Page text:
Waiver Order as clarifying application of this general rule to
certain switch-based resellers.27 Specifically, Verizon views
the Coding Digit Waiver Order as absolving the first facilities-
based carrier of compensation responsibility only if a reseller
identifies itself to the PSP as being responsible for paying per-
call compensation and expressly undertakes to pay.28
11. Verizon also argues that not requiring the first
facilities-based carrier to pay results in a compensation system
that is unworkable for both PSPs and resellers.29 According to
Verizon, PSPs lack the information necessary to identify the
reseller responsible for completing the calls and cannot
determine if a call was in fact completed by a given reseller.30
Furthermore, Verizon argues that, even with this information,
PSPs will endure long delays before they are compensated for
calls that involve a number of switch-based resellers.31
12. The Defendants, on the other hand, argue that the
facilities-based reseller that ultimately transfers the call
directly to the LEC is the primary economic beneficiary of a call
and therefore is responsible for compensation.32 According to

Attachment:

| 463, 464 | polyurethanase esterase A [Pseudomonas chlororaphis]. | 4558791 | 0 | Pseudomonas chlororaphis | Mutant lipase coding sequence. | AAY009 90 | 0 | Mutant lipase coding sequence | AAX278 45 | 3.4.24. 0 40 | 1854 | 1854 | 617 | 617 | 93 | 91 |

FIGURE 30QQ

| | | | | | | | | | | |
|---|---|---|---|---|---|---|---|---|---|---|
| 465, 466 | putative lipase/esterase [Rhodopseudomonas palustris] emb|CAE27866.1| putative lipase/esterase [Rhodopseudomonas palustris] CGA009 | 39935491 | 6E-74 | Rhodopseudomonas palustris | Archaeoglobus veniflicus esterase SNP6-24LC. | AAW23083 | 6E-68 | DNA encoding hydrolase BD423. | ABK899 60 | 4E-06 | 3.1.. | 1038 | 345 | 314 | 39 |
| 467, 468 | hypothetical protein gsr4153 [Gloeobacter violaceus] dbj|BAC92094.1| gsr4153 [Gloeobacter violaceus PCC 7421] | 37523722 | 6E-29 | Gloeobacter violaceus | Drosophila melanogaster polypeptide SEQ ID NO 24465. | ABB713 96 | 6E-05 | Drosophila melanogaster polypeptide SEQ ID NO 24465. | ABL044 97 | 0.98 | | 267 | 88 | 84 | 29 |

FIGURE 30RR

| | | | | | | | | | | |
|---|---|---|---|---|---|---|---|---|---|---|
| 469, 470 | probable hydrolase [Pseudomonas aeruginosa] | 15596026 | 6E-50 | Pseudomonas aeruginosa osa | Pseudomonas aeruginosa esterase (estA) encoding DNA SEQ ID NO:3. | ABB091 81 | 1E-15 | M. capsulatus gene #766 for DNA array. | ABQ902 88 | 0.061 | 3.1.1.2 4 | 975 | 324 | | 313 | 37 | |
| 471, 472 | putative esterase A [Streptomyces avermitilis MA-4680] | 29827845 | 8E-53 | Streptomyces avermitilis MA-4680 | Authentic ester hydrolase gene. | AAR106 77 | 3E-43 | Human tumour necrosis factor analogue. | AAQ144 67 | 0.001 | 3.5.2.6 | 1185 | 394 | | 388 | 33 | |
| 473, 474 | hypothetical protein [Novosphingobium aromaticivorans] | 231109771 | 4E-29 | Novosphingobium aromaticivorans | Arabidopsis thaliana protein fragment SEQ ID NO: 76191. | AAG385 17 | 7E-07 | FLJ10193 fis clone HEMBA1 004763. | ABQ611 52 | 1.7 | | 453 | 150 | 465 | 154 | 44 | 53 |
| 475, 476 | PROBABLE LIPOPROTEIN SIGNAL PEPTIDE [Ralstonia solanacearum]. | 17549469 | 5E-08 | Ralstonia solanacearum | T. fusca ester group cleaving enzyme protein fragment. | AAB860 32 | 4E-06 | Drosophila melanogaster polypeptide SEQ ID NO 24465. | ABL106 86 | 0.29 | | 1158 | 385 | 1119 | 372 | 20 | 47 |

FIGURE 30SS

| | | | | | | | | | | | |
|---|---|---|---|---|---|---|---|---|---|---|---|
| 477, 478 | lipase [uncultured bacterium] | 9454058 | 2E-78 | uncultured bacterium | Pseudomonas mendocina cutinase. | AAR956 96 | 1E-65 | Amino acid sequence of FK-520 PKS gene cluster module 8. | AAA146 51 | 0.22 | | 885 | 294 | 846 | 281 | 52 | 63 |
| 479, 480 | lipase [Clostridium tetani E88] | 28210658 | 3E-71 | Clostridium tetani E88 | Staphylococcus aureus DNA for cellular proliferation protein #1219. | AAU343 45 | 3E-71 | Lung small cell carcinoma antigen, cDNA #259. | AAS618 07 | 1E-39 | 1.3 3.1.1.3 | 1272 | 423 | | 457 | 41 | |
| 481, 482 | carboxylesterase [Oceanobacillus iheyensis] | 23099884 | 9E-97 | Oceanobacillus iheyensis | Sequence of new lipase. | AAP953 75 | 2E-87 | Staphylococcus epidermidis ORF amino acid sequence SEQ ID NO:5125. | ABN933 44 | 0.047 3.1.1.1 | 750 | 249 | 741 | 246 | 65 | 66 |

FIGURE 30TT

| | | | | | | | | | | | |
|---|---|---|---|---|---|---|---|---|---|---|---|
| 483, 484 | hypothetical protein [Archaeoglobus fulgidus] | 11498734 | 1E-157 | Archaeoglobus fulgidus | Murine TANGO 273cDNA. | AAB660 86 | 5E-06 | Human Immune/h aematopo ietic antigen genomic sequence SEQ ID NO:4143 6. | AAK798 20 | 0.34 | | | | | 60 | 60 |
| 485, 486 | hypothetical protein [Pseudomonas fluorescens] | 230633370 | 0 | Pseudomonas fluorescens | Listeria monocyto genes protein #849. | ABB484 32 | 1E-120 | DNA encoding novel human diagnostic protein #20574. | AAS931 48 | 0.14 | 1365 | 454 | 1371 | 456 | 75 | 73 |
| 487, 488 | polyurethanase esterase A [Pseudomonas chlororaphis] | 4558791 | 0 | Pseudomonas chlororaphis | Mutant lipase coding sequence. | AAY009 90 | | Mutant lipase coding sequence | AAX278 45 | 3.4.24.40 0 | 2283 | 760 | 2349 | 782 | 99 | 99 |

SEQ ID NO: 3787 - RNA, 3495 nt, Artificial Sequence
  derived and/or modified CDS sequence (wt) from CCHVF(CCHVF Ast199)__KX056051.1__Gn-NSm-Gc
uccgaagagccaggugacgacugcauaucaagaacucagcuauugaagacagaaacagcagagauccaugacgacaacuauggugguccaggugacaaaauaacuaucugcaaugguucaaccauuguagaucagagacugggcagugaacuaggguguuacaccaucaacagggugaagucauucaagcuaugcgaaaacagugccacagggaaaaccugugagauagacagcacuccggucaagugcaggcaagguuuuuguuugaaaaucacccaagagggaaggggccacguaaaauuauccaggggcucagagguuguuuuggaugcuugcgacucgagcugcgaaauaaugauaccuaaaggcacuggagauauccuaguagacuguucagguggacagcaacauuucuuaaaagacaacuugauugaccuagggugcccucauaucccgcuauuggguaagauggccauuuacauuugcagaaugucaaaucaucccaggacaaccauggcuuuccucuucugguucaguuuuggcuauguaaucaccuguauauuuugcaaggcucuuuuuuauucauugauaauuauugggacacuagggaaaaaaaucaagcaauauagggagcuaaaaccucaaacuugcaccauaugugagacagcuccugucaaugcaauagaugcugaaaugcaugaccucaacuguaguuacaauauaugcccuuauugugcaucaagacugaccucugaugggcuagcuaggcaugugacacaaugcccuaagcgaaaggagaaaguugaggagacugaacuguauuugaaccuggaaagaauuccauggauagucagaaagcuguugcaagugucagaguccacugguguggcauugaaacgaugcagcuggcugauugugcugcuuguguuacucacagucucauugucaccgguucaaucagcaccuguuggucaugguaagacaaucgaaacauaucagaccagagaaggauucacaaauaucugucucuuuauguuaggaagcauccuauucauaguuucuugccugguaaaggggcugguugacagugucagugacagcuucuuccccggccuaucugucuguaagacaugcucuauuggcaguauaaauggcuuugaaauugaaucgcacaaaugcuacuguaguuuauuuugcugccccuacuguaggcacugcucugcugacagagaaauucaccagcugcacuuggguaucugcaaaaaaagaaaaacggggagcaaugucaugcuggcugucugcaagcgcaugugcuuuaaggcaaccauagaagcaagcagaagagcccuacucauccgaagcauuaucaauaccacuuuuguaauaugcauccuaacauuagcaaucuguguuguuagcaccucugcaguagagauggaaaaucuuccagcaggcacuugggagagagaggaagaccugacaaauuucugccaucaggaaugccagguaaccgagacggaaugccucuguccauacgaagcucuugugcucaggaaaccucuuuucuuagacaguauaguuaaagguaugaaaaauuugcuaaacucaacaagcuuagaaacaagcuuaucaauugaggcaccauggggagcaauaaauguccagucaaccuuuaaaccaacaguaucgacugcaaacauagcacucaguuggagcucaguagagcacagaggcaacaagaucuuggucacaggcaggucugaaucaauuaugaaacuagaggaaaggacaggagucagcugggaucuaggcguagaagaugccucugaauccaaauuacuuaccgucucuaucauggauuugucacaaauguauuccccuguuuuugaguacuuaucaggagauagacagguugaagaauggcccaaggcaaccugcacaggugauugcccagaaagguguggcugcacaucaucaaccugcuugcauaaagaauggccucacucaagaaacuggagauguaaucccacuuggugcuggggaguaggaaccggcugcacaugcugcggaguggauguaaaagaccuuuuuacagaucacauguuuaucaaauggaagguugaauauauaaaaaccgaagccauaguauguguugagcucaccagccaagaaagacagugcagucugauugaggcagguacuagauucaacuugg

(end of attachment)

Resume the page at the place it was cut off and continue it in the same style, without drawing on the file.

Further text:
the Defendants, the Order on Reconsideration confirms this view,
and the Coding Digit Waiver Order further clarifies that IXCs
have a choice regarding switch-based resellers: either to pay
per-call compensation for a particular 800 number; or, upon
request of the billing PSP, to ``identify the switch-based
reseller responsible for paying payphone compensation for that
particular 800 number.''33 The Defendants contend that, rather
than excusing IXCs from paying PSPs only when resellers identify
themselves to PSPs, the Coding Digit Waiver Order allows IXCs not
to pay when resellers advise IXCs that the resellers will
undertake compensation obligations.34
13. Our rules and orders require the first facilities-based
carrier (i.e., the IXC first handling the traffic) to compensate
PSPs for calls that it transfers directly to a terminating LEC.
With respect to calls transferred to switch-based resellers, the
first facilities-based carrier's obligation is to identify the
reseller responsible for paying per-call compensation. Whereas
the First Payphone Order establishes a system whereby a PSP may
collect from the first facilities-based carrier for all traffic
carried over its switch, regardless of whether the traffic
subsequently is handled by resellers,35 the Order on
Reconsideration, as clarified in the Coding Digit Waiver Order,
states that the first facilities-based carrier's responsibility
is more limited. Specifically, the Order on Reconsideration
places tracking and compensation obligations squarely on
facilities-based carriers, including facilities-based resellers.
And the Coding Digit Waiver Order makes clear that a first
facilities-based carrier need only identify the switch-based
reseller responsible for paying compensation.36
14. We reject Verizon's contention that first
facilities-based carriers have a duty to pay compensation for all
traffic unless a reseller identifies itself to Verizon. The